Article Date: 11/1/2007

Establish Trust Before Care
o.d. to o.d.

Establish Trust Before Care

You must instill trust in your patients, so you can gain compliance to your recommendations for care and treatment.

BY WALTER D. WEST, O.D., F.A.A.O. Chief Optometric Editor

We've all recognized the need for patients to trust us, our ability, integrity and, above all, trust that we'll recommend for the patient what is in his best interest from the stand point of eye health and vision correction.

In most instances, we see that trust as something that develops later in our relationship with patients once they've had an opportunity to get to know us and experience the level of care with which we provide through time. But, I believe that our ability to reach our patients and be effective in providing care and gaining compliance may actually be one of the first things we must accomplish.

Patient "Fight or Flight"

I never thought these words would come out of my mouth but, I was thinking about how the brain works, the sequence of events and the order in which we process stimuli. Now, some who know me are surprised that I think, let alone that I think about stuff like this, but follow me on this, and let's see where it goes.

As best I remember when faced with a circumstance or environment (a stimulus), the first part of our brain that goes into action or gets to process this stimuli is the brainstem. You know the brainstem. It's the lower part of the brain that connects to the spinal cord comprised of the pons, the medulla oblongata and the mid-brain. It's the part of the brain that first developed (I promise this won't go on much longer). In the brainstem, the first and a very critical assessment is made: "Am I safe or not safe?" This is where the "Fight or Flight Syndrome" has its origin. The midbrain in a split second makes this assessment and produces the appropriate response. When the midbrain determines that a situation is safe, then the neocortex is allowed to assess the stimuli.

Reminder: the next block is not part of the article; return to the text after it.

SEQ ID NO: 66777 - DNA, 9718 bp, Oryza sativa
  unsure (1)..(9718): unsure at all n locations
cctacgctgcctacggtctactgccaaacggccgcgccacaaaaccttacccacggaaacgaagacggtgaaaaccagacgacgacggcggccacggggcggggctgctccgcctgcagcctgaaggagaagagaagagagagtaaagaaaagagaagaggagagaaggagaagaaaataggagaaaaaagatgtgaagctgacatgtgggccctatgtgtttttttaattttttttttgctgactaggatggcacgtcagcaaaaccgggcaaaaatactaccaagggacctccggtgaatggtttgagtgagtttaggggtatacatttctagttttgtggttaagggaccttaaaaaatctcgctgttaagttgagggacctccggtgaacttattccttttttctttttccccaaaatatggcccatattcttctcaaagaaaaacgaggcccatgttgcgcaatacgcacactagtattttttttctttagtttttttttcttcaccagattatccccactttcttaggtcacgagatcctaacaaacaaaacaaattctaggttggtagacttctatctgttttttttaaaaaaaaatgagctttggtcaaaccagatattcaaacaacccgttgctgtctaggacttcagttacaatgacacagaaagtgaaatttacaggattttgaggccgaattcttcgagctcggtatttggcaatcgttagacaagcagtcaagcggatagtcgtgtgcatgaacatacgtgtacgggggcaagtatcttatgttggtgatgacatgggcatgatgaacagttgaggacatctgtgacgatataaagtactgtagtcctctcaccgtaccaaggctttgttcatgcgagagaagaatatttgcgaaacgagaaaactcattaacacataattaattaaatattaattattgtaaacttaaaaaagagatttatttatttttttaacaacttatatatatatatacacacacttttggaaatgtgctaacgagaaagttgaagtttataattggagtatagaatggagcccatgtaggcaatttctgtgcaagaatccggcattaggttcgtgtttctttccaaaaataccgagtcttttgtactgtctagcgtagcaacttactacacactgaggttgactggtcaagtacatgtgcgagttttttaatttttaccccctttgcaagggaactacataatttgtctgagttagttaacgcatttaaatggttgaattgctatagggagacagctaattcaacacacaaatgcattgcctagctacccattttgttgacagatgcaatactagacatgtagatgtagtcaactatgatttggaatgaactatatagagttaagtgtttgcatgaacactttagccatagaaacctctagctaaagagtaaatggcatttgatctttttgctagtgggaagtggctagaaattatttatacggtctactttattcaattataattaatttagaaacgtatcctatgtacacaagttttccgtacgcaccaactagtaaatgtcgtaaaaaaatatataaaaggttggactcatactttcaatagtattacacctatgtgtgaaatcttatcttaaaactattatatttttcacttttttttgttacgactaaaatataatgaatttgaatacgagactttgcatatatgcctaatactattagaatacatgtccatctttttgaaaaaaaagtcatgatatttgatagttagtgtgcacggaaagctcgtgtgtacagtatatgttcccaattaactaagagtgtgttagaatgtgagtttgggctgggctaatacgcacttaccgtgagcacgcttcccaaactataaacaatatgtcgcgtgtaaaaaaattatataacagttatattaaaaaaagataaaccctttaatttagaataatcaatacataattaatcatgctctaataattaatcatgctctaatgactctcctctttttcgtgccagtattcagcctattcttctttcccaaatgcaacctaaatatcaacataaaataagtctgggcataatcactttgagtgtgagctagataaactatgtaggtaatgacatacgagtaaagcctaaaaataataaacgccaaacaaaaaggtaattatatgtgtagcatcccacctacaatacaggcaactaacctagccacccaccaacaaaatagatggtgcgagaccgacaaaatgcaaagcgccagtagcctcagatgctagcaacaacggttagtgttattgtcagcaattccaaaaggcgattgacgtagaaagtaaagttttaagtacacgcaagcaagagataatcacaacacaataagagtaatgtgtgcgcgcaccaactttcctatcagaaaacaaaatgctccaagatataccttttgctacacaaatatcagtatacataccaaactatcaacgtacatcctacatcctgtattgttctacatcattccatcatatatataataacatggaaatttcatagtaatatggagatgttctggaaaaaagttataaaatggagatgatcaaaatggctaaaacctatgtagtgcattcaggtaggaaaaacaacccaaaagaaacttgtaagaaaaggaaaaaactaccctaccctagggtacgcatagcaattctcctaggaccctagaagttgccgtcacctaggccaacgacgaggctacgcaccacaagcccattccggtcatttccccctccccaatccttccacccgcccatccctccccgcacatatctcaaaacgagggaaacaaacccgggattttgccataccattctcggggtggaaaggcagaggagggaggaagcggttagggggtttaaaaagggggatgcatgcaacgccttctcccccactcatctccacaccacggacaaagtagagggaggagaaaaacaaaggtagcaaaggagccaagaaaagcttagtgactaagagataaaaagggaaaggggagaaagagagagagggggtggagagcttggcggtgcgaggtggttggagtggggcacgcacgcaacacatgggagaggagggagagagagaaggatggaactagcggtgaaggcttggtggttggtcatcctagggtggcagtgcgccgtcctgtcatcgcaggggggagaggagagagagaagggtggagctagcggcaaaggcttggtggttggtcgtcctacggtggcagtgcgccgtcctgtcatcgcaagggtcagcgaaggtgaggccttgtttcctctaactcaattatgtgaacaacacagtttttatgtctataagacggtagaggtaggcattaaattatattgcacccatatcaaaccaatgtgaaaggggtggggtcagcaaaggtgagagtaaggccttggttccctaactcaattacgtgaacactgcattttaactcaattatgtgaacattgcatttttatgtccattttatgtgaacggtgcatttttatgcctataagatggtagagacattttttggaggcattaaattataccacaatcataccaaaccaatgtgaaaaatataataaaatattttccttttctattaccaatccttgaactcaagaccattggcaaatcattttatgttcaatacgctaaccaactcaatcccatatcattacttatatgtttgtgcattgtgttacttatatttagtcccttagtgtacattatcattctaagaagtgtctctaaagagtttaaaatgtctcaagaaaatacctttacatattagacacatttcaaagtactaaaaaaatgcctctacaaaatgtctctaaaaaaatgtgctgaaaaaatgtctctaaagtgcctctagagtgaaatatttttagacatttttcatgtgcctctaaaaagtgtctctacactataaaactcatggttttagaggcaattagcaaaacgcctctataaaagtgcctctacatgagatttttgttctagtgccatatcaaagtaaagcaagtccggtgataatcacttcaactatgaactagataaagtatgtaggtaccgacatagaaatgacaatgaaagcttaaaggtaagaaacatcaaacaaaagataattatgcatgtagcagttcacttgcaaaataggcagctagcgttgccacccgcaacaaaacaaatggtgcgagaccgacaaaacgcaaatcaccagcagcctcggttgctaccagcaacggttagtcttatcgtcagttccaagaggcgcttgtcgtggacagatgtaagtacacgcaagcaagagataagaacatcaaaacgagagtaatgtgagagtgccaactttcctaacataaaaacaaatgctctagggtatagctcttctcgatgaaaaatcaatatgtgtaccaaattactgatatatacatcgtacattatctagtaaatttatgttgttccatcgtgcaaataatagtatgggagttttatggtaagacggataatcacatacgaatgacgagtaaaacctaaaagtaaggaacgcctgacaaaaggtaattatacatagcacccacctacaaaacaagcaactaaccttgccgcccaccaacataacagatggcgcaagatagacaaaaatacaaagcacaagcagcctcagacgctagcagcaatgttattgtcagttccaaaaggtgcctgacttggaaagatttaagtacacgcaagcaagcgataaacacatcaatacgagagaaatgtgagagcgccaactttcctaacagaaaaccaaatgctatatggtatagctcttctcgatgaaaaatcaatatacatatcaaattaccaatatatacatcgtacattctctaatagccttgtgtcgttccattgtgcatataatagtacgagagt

If you don't make a patient feel safe, secure and cared for, he may be ready to fight about or take flight from your well-intended recommendations.

The neocortex, as its name implies, is the newer portion of the cerebral cortex that serves as the center of higher mental functions for humans. Different regions of the neocortex allow vision, hearing, touch, balance, movement, emotional responses and our other cognitive abilities.

The reason I've gone through all this: to show that it's not humanly possible to gain or even expect to gain a patient's trust and have him consider your recommended care or treatment options until you've made him feel safe. In fact, until he feels safe, the cognitive or decision-making part of the brain doesn't even get to participate in evaluating the circumstances, consider the diagnosis or attempt to understand your recommendations, let alone agree to follow our advice.

From safety to trust

When I say patients must feel safe, I don't mean safe from bodily harm but rather a more subtle sense of safety — a sense that you, as the O.D., won't sell them something they don't need, or force them into guessing their best option for care.

Patients must have a sense that the recommendations you make are truly in their best interest rather than merely what a third-party payer covers or is more profitable to your practice.

It's all about you

Remember: If you, your verbal or non-verbal communication, your body language and the environment within which you practice doesn't first make a patient feel safe, secure and cared for, the thing they may be ready to fight about or take flight from are your well-intended professional recommendations. OM



Optometric Management, Issue: November 2007